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Over on Twitter, Fellowship of the Fans (FOTF) has posted some new rumours about LOTR on Prime’s series that are sure to provoke head-scratching and even more rampant theorising about the composition of the initial two episodes.

Warning: these are, potentially, spoilers. If that’s important to you, what are you even doing here? Run away!

Photo by Stewart Cook/Variety/Shutterstock (5813163v) Robert Aramayo Discovery’s ‘Harley and the Davidsons’ Party, TCA Summer Press Tour, Day 5, Los Angeles, USA – 01 Aug 2016

According to Fellowship of the Fans’ sources:

  1. Actor Robert Aramayo was on the production’s dwarven sets and filmed scenes with the dwarves.
  2. Actor Owain Arthur plays an important dwarven character in the same scenes.
  3. The dwarves wear “amazing dragon/dragon scale armour”.
  4. The dwarven king is said to look strikingly similar to Tormund from the HBO Game of Thrones telly series.
  5. Scenes in the first two episodes will show dwarves climbing a mountain, or ravine, and there is an “underground pub set piece”.

You can read the full run-down here.

However, dwarven sets? Is this cold water being tipped over the Year of the Trees brigade? Regardless, the Valinor image still exists and it seems beyond belief that the production would lead with an image like that purely as fan catnip.

Keep in mind, this is not confirmed, while the Valinor image is most certainly official.

But it may be that that segment is shorter than we want to believe. Maybe it’s a short PJ-style prologue per Fellowship of the Rings. Because dwarves do not belong in Aman (unless it’s in Aulë’s workshop, or your name is Gimli), and the most natural place for dwarves and elves to be seen together is Eregion and Khazad-dûm, during the Second Age.

If it is Second age, the dwarven king is likely to be Durin III. Owain Arthur might be Narvi. Narvi most famously had a close friendship with Celebrimbor, but I wonder whether Celeborn might fit in there somewhere too.

Food for thought.

Anyone who tells you that they expected the first promotional image for the LOTR on Prime series to reveal an iconic panorama of Valinor — the land of angelic beings of Middle-earth — is either a liar or is inside the production.

Because I’m certain that there was nothing in previously teased material and maps that even hints at Valinor.

What’s more, this single image is as much of a statement as a certain someone recently flying to the very edge of space.

At first, you think: “Well, it’s another Middle-earth city. But, hey, it’s pretty cool.” You’re expecting, perhaps, Armenelos or Rómenna on the island of Númenór. After all, we know the series is supposed to encompass the rise and fall of the island kingdom and there does seem to be a glittering body of water even if it’s a bit small to be a bay, much less the ocean.

Then your eye is drawn inexorably to the background glow and it dawns that what you thought was merely the sun nearly (and neatly) conceals a pair of colossal trees.

And in an instant your whole worldview of the series just … changes.

Because, you know — if you’ve tried your hand at reading The Silmarillion or have delved into the pre-history of The Lord of the Rings and the Hobbit — that these aren’t just any pair of trees.

It’s the Two Trees.

The tree of silver and the tree of gold that are the source of all light in Valinor. That provide the light for Fëanor’s Silmarils, and ultimately for the Phial of Galadriel. And whose destruction triggers a cascade of events that stretches all the way to the end of the Third Age.

If anything can be, this is the heart of J.R.R. Tolkien’s Middle-earth mythmaking.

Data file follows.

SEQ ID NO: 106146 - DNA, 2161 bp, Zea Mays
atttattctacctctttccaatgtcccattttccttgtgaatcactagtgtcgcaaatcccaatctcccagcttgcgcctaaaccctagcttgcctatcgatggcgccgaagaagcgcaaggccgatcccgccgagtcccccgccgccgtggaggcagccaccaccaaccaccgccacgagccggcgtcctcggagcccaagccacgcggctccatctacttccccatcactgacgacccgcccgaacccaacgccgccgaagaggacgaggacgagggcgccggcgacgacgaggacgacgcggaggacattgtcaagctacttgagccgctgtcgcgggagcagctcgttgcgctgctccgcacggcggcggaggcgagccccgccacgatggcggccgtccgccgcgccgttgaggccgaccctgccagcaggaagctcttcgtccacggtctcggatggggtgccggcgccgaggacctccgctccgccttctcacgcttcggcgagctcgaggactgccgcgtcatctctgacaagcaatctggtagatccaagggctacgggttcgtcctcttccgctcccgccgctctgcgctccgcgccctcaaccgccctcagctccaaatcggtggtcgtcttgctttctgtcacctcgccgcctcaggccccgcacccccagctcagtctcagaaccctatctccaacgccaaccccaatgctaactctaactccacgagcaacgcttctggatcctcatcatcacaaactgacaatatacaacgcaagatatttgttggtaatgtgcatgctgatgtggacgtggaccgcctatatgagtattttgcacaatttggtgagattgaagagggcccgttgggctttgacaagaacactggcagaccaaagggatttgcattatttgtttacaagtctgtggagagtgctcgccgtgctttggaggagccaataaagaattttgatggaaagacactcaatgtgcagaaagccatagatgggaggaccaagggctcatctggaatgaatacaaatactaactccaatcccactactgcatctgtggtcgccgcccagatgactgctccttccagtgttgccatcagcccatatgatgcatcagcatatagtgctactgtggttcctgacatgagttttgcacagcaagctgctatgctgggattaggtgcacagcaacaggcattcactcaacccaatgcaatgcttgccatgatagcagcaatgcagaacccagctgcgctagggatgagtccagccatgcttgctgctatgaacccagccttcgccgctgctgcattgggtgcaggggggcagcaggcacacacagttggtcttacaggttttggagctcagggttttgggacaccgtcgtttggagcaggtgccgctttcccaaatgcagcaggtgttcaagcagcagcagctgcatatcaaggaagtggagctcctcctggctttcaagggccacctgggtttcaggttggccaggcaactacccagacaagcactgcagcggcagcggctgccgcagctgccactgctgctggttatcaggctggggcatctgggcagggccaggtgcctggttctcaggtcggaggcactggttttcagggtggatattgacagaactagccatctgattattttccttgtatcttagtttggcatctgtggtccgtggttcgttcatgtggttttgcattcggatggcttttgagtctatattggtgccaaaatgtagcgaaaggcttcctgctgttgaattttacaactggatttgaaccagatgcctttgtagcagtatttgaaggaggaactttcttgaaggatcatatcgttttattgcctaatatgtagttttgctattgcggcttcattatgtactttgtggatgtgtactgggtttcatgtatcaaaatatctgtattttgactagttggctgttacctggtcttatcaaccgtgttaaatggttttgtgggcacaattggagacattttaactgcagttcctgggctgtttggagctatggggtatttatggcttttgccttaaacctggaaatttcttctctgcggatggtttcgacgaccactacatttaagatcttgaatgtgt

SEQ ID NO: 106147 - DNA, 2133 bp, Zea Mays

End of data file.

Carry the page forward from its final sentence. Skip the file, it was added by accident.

LOTR on Prime has enormous ambitions and it’s not afraid to declare as much.

It’s declaring that it’s here to challenge the Peter Jackson movies as the definitive visual depiction of Tolkien’s Middle-earth.

It’s declaring that it has the talent, technology and resources, and access to the necessary source material.

I think, above all, LOTR on Prime is declaring to Tolkien fans that it doesn’t want to be underestimated.

It’s declaring that it’s not simply making a Game of Thrones clone for the mass market.

And it’s declaring that they’re going to take us, the readers of Tolkien’s work, to places that we never thought would be possible in a film or a TV series.

Sure, we already knew some of that — intellectually. We knew we were promised 50-odd hours of telly over five seasons. And, we knew that the rights and production investment runs into hundreds of millions of dollars. But you just can’t /feel/ a series of numbers.

This, on the other hand… this is real. Real, tangible proof that we’re on a journey to somewhere special.

Strap in, kids, we’re about to blast off into space.

If you have a Tolkien/Middle-earth inspired poem you’d like to share, then send it to poetry@theonering.net. One poem per person may be submitted each month. Please make sure to proofread your work before sending it in. TheOneRing.net is not responsible for poems posting with spelling or grammatical errors.


Add these to your queue for a taste of the creative talent behind Amazon’s $1 Billion LOTR series

Amazon’s billion-dollar Lord of the Rings series is in production but fans want to know what to expect now that Peter Jackson isn’t crafting Middle-earth. Since many are in quarantine and looking for shows to watch, we have put together a comprehensive list of films & TV shows which the current LOTR production team have previously worked on to provide a sense of the talent behind the series. Many of the writers have worked on other book adaptations, sometimes with actors from Peter Jackson’s Middle-earth films!

Note: all watch suggestions are based on U.S. platforms, check your local region for each of these!

Penny Dreadful pilot S1E1 – S1E2

Watch on:
Showtime, Amazon Prime

LOTR Director JA Bayona directed the 2-episode pilot of Penny Dreadful, setting the tone for the entire series. He is currently filming the 2-episode pilot of LOTR.


A Monster Calls

Watch on:
Cinemax

Bayona directed this powerful fantasy drama of loss, despair, love and family – themes familiar to Tolkien’s Legendarium.


Hannibal S3

Watch on:
Amazon Prime

LOTR writer Helen Shang was deeply involved in crafting the Red Dragon storyline for NBC’s Hannibal series, featuring Richard Armitage (Thorin).